Week 8: Project Procurement Management

Project procurement management is about establishing, maintaining and closing relationships with suppliers of goods and services for the project. The processes for project procurement management from the PMBOK are outlined here and we will also look at a model for project supply chain management that has been developed for the construction industry.

The definition of project procurement management from the PMBOK is:

“the processes necessary to purchase or acquire the products, services, or results needed from outside the project team”

There are four major processes:

1. Plan procurements

2. Conduct procurements

3. Administer procurements

4. Close procurements

The first major process, plan procurements involves the creation of the project procurement management plan. Decisions are made on which items shall be made by the project team and which will be bought. Procurement documents will be prepared and criteria will be developed upon which to base the selection of vendors,

This plan will be based on analysis of the requirements for the project, consulting documents such as the scope baseline, the project schedule, the risk register etc. which will provide the information needed.

The second major process is to conduct procurements. In this process the vendors are selected and the procurement contracts are awarded. Resource calendars that will detail when resources will be used are created and the project management plan will be updated based on the availability of the resources.

Various tools and techniques are used for conducting procurements. Conferences may be held with bidders to brief them on the project requirements and answer questions. Proposals will be carefully evaluated, advertising may be undertaken to solicit bidders, internet searches for vendors may be used and negotiations may take place. The following video details the Conduct Procurements major process:

The third major process is Administer Procurements. These are the processes that are used to administer the relationship with the vendors as the project proceeds. It results in the creation of procurement documents and may result in changes to the project.  A system of contract change control will be used to carefully analyse and determine whether changes to contracts are needed. Reviews will be undertaken of procurement performance, inspections and audits may be used, performance reports will be produced and systems used to ensure payment to contractors when appropriate. The following video details the Administer Procurements major process:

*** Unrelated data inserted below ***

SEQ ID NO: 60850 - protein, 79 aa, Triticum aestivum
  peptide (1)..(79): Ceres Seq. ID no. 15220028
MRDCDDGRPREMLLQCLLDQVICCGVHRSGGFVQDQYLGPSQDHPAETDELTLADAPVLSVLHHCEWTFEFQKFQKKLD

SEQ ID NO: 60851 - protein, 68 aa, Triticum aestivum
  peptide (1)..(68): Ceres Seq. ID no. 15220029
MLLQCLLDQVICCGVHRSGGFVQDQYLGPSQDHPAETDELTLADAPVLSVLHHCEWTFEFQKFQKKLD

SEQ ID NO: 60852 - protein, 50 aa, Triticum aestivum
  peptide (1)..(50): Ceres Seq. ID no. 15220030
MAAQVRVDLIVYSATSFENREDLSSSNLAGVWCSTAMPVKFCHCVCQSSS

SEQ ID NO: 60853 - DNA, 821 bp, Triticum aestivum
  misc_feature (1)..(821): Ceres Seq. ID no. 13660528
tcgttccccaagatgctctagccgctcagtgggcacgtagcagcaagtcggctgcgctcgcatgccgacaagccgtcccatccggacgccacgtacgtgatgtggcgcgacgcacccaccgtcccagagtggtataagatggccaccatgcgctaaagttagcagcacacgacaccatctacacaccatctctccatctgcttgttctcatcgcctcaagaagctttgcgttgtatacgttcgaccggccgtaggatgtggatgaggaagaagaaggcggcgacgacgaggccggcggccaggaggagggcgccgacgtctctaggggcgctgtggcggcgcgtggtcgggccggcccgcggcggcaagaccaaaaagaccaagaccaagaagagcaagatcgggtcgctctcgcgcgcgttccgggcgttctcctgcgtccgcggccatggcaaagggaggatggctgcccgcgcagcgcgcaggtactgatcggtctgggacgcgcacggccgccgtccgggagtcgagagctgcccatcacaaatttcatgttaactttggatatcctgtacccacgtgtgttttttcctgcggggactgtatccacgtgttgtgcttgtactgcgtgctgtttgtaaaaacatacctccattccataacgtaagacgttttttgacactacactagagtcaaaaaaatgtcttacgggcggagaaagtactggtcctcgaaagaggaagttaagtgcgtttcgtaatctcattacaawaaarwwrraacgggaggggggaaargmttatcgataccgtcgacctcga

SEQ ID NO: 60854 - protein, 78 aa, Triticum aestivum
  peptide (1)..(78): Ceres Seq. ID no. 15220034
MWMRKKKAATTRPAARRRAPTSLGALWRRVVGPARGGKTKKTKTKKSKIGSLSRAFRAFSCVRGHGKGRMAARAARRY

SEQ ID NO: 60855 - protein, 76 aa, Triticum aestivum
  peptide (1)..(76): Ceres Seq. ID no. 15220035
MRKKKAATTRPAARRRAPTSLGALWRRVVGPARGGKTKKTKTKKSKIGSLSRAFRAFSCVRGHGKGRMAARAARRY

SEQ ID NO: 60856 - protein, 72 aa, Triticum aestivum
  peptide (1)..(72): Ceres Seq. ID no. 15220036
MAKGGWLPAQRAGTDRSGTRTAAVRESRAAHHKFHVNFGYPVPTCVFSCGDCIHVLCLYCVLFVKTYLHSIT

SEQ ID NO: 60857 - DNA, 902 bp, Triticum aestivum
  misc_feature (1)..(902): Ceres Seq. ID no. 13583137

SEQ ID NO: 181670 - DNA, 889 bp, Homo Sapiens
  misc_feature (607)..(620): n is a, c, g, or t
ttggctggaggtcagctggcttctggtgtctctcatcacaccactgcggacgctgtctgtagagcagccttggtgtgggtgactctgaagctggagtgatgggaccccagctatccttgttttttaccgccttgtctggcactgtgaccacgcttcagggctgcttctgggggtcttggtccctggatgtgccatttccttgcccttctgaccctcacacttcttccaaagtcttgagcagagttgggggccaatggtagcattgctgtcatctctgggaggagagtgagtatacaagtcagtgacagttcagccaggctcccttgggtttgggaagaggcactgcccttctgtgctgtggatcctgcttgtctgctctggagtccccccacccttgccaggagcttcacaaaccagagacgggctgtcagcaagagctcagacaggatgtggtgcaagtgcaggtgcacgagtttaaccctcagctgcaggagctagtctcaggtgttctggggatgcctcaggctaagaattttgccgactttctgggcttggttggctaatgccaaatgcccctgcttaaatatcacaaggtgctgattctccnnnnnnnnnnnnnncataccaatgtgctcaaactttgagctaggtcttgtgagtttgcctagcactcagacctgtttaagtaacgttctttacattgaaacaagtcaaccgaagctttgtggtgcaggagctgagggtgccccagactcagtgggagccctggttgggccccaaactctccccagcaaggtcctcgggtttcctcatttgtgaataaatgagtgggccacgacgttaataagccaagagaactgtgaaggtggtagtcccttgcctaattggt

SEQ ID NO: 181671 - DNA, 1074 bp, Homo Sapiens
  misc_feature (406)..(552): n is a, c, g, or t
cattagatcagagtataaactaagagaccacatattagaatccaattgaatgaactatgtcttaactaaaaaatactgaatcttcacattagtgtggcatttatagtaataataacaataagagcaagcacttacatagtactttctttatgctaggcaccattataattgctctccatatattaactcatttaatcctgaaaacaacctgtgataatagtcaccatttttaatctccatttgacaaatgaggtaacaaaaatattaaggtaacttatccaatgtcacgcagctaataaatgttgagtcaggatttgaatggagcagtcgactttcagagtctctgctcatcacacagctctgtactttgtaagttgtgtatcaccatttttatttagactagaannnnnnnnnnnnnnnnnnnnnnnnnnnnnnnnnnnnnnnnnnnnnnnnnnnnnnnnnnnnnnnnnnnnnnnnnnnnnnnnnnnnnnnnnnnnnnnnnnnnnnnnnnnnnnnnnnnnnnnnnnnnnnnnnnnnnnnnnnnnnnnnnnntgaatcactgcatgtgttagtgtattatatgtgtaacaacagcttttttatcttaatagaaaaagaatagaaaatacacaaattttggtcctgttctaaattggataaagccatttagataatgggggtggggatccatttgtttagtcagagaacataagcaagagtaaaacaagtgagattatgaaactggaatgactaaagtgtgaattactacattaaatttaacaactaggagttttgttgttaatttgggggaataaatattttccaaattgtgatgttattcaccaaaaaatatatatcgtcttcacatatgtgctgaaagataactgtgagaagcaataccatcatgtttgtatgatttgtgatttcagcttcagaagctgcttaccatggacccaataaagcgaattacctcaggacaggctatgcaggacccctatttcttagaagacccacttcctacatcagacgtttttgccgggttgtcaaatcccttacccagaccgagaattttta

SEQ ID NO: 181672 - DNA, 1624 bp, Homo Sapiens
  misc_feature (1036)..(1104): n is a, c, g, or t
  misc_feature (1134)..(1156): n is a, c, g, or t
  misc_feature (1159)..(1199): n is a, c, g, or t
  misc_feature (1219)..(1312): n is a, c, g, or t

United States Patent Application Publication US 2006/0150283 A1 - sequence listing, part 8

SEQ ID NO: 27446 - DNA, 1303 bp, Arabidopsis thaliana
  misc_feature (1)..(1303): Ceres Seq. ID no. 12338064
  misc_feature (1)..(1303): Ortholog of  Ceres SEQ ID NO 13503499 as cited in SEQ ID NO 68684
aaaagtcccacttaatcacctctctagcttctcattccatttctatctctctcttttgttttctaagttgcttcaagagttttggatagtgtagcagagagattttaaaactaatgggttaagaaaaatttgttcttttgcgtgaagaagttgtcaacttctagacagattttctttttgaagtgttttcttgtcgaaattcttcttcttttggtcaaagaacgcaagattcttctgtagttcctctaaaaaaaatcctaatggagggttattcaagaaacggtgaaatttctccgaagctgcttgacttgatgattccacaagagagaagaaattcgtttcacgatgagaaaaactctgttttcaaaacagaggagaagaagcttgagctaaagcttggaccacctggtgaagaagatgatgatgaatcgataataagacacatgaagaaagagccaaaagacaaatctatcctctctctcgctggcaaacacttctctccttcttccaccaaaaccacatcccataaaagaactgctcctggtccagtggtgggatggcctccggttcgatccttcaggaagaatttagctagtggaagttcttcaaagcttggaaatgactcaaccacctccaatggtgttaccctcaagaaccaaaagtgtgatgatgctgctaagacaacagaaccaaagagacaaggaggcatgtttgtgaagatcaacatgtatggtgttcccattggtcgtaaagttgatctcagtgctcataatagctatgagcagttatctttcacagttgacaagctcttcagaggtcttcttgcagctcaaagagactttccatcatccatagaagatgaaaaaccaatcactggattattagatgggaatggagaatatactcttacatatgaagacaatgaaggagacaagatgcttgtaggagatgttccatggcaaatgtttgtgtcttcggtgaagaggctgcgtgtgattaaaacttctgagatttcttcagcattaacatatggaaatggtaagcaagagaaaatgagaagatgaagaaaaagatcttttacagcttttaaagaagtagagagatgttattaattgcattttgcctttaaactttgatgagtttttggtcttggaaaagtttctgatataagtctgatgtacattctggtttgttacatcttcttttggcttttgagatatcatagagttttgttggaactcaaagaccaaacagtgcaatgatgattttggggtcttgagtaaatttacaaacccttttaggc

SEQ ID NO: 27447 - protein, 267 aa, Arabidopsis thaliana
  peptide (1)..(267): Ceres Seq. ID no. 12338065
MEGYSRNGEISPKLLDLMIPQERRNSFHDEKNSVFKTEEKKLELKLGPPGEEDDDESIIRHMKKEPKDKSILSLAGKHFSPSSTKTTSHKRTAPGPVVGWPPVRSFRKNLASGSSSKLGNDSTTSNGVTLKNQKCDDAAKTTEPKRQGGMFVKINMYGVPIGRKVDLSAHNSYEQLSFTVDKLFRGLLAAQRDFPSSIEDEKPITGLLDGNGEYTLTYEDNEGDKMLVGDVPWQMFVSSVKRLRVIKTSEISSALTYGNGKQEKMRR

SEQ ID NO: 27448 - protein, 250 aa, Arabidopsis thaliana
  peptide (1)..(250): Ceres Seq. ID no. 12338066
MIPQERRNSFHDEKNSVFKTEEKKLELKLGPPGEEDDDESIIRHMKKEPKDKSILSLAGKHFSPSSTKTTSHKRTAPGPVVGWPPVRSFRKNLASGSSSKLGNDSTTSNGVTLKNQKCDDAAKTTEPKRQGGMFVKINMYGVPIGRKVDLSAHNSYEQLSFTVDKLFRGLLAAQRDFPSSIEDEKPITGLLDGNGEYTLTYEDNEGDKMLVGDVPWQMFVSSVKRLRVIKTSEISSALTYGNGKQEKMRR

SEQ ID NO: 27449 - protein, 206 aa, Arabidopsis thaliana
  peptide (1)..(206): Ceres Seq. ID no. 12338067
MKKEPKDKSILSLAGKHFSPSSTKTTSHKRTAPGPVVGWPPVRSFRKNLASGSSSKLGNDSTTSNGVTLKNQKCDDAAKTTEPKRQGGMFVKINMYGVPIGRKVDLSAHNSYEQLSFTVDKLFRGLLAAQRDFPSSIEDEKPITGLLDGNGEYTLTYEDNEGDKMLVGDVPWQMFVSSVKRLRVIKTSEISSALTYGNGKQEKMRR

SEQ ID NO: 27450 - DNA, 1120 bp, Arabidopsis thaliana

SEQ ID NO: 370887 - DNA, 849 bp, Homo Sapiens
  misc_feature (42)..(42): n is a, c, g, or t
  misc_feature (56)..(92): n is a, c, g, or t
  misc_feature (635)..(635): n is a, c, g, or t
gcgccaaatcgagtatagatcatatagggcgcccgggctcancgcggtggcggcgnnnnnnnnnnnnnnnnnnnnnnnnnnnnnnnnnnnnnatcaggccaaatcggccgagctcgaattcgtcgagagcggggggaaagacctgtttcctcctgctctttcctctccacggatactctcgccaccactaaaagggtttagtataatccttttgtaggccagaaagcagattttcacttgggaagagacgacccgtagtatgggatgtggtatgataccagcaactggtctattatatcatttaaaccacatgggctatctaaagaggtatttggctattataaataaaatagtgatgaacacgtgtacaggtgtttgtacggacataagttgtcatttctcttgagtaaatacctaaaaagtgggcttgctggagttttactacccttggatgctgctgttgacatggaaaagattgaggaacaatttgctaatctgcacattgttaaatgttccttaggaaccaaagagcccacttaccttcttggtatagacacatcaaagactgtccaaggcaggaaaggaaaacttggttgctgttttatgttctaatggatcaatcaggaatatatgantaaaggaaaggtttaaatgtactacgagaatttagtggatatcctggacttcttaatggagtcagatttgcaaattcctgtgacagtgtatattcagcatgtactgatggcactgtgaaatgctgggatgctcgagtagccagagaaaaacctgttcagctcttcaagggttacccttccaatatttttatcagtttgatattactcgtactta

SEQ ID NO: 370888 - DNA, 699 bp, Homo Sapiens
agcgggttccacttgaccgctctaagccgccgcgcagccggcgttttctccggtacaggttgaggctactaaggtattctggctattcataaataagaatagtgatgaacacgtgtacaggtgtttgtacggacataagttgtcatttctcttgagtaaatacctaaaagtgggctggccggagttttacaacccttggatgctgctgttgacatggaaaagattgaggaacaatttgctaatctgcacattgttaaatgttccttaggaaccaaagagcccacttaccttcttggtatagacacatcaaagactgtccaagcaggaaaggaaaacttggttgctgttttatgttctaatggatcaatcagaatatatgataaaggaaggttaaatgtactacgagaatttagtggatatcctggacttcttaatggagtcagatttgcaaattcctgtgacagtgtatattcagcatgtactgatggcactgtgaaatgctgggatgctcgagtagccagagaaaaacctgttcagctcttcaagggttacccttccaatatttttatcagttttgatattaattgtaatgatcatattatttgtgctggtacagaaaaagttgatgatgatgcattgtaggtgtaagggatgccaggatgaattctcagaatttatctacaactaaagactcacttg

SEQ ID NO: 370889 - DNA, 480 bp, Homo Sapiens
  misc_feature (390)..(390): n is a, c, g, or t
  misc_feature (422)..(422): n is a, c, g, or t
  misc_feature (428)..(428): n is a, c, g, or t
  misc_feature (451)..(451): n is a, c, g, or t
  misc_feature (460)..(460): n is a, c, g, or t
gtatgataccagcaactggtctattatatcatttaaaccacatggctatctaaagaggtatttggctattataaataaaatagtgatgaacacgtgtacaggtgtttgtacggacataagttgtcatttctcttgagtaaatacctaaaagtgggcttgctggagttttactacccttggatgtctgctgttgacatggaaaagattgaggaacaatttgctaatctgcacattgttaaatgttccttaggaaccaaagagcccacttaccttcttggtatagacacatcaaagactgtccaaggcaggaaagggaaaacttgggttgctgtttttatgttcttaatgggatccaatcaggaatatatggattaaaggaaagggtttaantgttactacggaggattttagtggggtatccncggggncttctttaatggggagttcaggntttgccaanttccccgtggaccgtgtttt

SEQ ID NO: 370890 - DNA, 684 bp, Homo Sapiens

The final major process is to Close Procurements. These are the processes that are needed to end procurement contracts, either after their successful completion or earlier if that is appropriate. Audits might be undertaken on project work and negotiations may be necessary to resolve contract disputes. Usually a record management system will be needed for contract documentation.

Modern Approaches To Supply Chain Management

Martin Christopher, a recognised specialist in supply chain management and author defines it as:

“planning and coordinating the materials flow from source to user as an integrated system rather than, as was so often the case in the past, managing the goods flow as a series of independent activities… the goal is to link the marketplace, the distribution network, the manufacturing process and the procurement activity in such a way that customers are serviced at higher levels and yet at lower cost. In other words to achieve the goal of competitive advantage through both cost reduction and service enhancement.”

Christopher takes the modern approach to supply chains which views them as an integrated system that requires a strategic approach. This approach is now common in modern supply chains generally and is seen as beneficial for project supply chains. Christopher is a professor at Cranfield University in England – here is an introduction: